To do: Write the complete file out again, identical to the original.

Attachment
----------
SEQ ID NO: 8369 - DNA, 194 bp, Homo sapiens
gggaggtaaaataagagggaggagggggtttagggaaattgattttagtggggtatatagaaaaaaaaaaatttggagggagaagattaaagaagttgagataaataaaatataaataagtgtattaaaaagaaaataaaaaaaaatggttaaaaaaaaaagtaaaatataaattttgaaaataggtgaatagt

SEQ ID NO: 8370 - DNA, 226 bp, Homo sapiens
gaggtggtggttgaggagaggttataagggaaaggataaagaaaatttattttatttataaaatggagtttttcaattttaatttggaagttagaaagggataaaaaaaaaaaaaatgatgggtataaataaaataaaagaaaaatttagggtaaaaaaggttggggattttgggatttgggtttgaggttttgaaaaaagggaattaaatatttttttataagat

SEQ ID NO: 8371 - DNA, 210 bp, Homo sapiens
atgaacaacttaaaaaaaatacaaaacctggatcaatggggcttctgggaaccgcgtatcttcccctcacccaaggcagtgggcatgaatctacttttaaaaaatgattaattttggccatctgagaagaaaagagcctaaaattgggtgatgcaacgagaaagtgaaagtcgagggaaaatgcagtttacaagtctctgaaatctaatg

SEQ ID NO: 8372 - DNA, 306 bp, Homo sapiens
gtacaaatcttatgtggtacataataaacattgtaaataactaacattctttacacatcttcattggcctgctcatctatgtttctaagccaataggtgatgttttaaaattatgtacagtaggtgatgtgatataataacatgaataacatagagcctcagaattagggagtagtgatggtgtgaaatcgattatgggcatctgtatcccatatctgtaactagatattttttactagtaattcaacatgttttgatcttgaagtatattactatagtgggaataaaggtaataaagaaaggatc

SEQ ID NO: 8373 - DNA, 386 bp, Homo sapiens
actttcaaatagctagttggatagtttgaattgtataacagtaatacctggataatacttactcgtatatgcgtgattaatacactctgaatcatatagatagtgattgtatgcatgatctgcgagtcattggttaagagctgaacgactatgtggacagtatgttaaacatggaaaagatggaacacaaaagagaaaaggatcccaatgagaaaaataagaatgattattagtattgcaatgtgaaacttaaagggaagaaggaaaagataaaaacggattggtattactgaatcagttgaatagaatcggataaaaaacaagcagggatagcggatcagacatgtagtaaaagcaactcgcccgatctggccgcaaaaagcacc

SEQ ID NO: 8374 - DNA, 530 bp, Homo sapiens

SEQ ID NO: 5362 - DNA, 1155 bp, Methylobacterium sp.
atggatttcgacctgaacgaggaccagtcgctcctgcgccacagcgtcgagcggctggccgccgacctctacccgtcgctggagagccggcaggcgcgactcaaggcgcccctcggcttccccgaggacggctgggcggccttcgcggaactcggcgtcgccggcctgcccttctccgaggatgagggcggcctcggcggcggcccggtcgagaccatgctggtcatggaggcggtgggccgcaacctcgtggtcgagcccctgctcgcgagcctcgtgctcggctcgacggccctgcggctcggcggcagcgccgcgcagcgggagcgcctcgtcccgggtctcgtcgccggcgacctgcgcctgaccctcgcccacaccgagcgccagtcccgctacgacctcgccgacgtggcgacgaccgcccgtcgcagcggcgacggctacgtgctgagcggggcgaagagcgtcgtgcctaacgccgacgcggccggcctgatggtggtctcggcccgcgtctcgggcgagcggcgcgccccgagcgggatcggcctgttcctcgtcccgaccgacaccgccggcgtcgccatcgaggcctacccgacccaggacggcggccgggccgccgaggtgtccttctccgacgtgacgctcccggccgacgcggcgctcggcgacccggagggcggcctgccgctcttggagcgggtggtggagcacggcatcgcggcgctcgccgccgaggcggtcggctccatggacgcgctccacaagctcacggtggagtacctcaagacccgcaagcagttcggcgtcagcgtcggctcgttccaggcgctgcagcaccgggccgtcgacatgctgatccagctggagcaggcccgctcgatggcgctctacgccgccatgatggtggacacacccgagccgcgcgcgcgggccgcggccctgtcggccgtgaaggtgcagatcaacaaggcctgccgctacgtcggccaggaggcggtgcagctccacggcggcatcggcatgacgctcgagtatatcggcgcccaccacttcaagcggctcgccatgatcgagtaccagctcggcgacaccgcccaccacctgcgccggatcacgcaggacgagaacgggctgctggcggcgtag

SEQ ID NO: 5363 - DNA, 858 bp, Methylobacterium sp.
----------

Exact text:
SEQ ID NO: 8369 - DNA, 194 bp, Homo sapiens
gggaggtaaaataagagggaggagggggtttagggaaattgattttagtggggtatatagaaaaaaaaaaatttggagggagaagattaaagaagttgagataaataaaatataaataagtgtattaaaaagaaaataaaaaaaaatggttaaaaaaaaaagtaaaatataaattttgaaaataggtgaatagt

SEQ ID NO: 8370 - DNA, 226 bp, Homo sapiens
gaggtggtggttgaggagaggttataagggaaaggataaagaaaatttattttatttataaaatggagtttttcaattttaatttggaagttagaaagggataaaaaaaaaaaaaatgatgggtataaataaaataaaagaaaaatttagggtaaaaaaggttggggattttgggatttgggtttgaggttttgaaaaaagggaattaaatatttttttataagat

SEQ ID NO: 8371 - DNA, 210 bp, Homo sapiens
atgaacaacttaaaaaaaatacaaaacctggatcaatggggcttctgggaaccgcgtatcttcccctcacccaaggcagtgggcatgaatctacttttaaaaaatgattaattttggccatctgagaagaaaagagcctaaaattgggtgatgcaacgagaaagtgaaagtcgagggaaaatgcagtttacaagtctctgaaatctaatg

SEQ ID NO: 8372 - DNA, 306 bp, Homo sapiens
gtacaaatcttatgtggtacataataaacattgtaaataactaacattctttacacatcttcattggcctgctcatctatgtttctaagccaataggtgatgttttaaaattatgtacagtaggtgatgtgatataataacatgaataacatagagcctcagaattagggagtagtgatggtgtgaaatcgattatgggcatctgtatcccatatctgtaactagatattttttactagtaattcaacatgttttgatcttgaagtatattactatagtgggaataaaggtaataaagaaaggatc

SEQ ID NO: 8373 - DNA, 386 bp, Homo sapiens
actttcaaatagctagttggatagtttgaattgtataacagtaatacctggataatacttactcgtatatgcgtgattaatacactctgaatcatatagatagtgattgtatgcatgatctgcgagtcattggttaagagctgaacgactatgtggacagtatgttaaacatggaaaagatggaacacaaaagagaaaaggatcccaatgagaaaaataagaatgattattagtattgcaatgtgaaacttaaagggaagaaggaaaagataaaaacggattggtattactgaatcagttgaatagaatcggataaaaaacaagcagggatagcggatcagacatgtagtaaaagcaactcgcccgatctggccgcaaaaagcacc

SEQ ID NO: 8374 - DNA, 530 bp, Homo sapiens

SEQ ID NO: 5362 - DNA, 1155 bp, Methylobacterium sp.
atggatttcgacctgaacgaggaccagtcgctcctgcgccacagcgtcgagcggctggccgccgacctctacccgtcgctggagagccggcaggcgcgactcaaggcgcccctcggcttccccgaggacggctgggcggccttcgcggaactcggcgtcgccggcctgcccttctccgaggatgagggcggcctcggcggcggcccggtcgagaccatgctggtcatggaggcggtgggccgcaacctcgtggtcgagcccctgctcgcgagcctcgtgctcggctcgacggccctgcggctcggcggcagcgccgcgcagcgggagcgcctcgtcccgggtctcgtcgccggcgacctgcgcctgaccctcgcccacaccgagcgccagtcccgctacgacctcgccgacgtggcgacgaccgcccgtcgcagcggcgacggctacgtgctgagcggggcgaagagcgtcgtgcctaacgccgacgcggccggcctgatggtggtctcggcccgcgtctcgggcgagcggcgcgccccgagcgggatcggcctgttcctcgtcccgaccgacaccgccggcgtcgccatcgaggcctacccgacccaggacggcggccgggccgccgaggtgtccttctccgacgtgacgctcccggccgacgcggcgctcggcgacccggagggcggcctgccgctcttggagcgggtggtggagcacggcatcgcggcgctcgccgccgaggcggtcggctccatggacgcgctccacaagctcacggtggagtacctcaagacccgcaagcagttcggcgtcagcgtcggctcgttccaggcgctgcagcaccgggccgtcgacatgctgatccagctggagcaggcccgctcgatggcgctctacgccgccatgatggtggacacacccgagccgcgcgcgcgggccgcggccctgtcggccgtgaaggtgcagatcaacaaggcctgccgctacgtcggccaggaggcggtgcagctccacggcggcatcggcatgacgctcgagtatatcggcgcccaccacttcaagcggctcgccatgatcgagtaccagctcggcgacaccgcccaccacctgcgccggatcacgcaggacgagaacgggctgctggcggcgtag

SEQ ID NO: 5363 - DNA, 858 bp, Methylobacterium sp.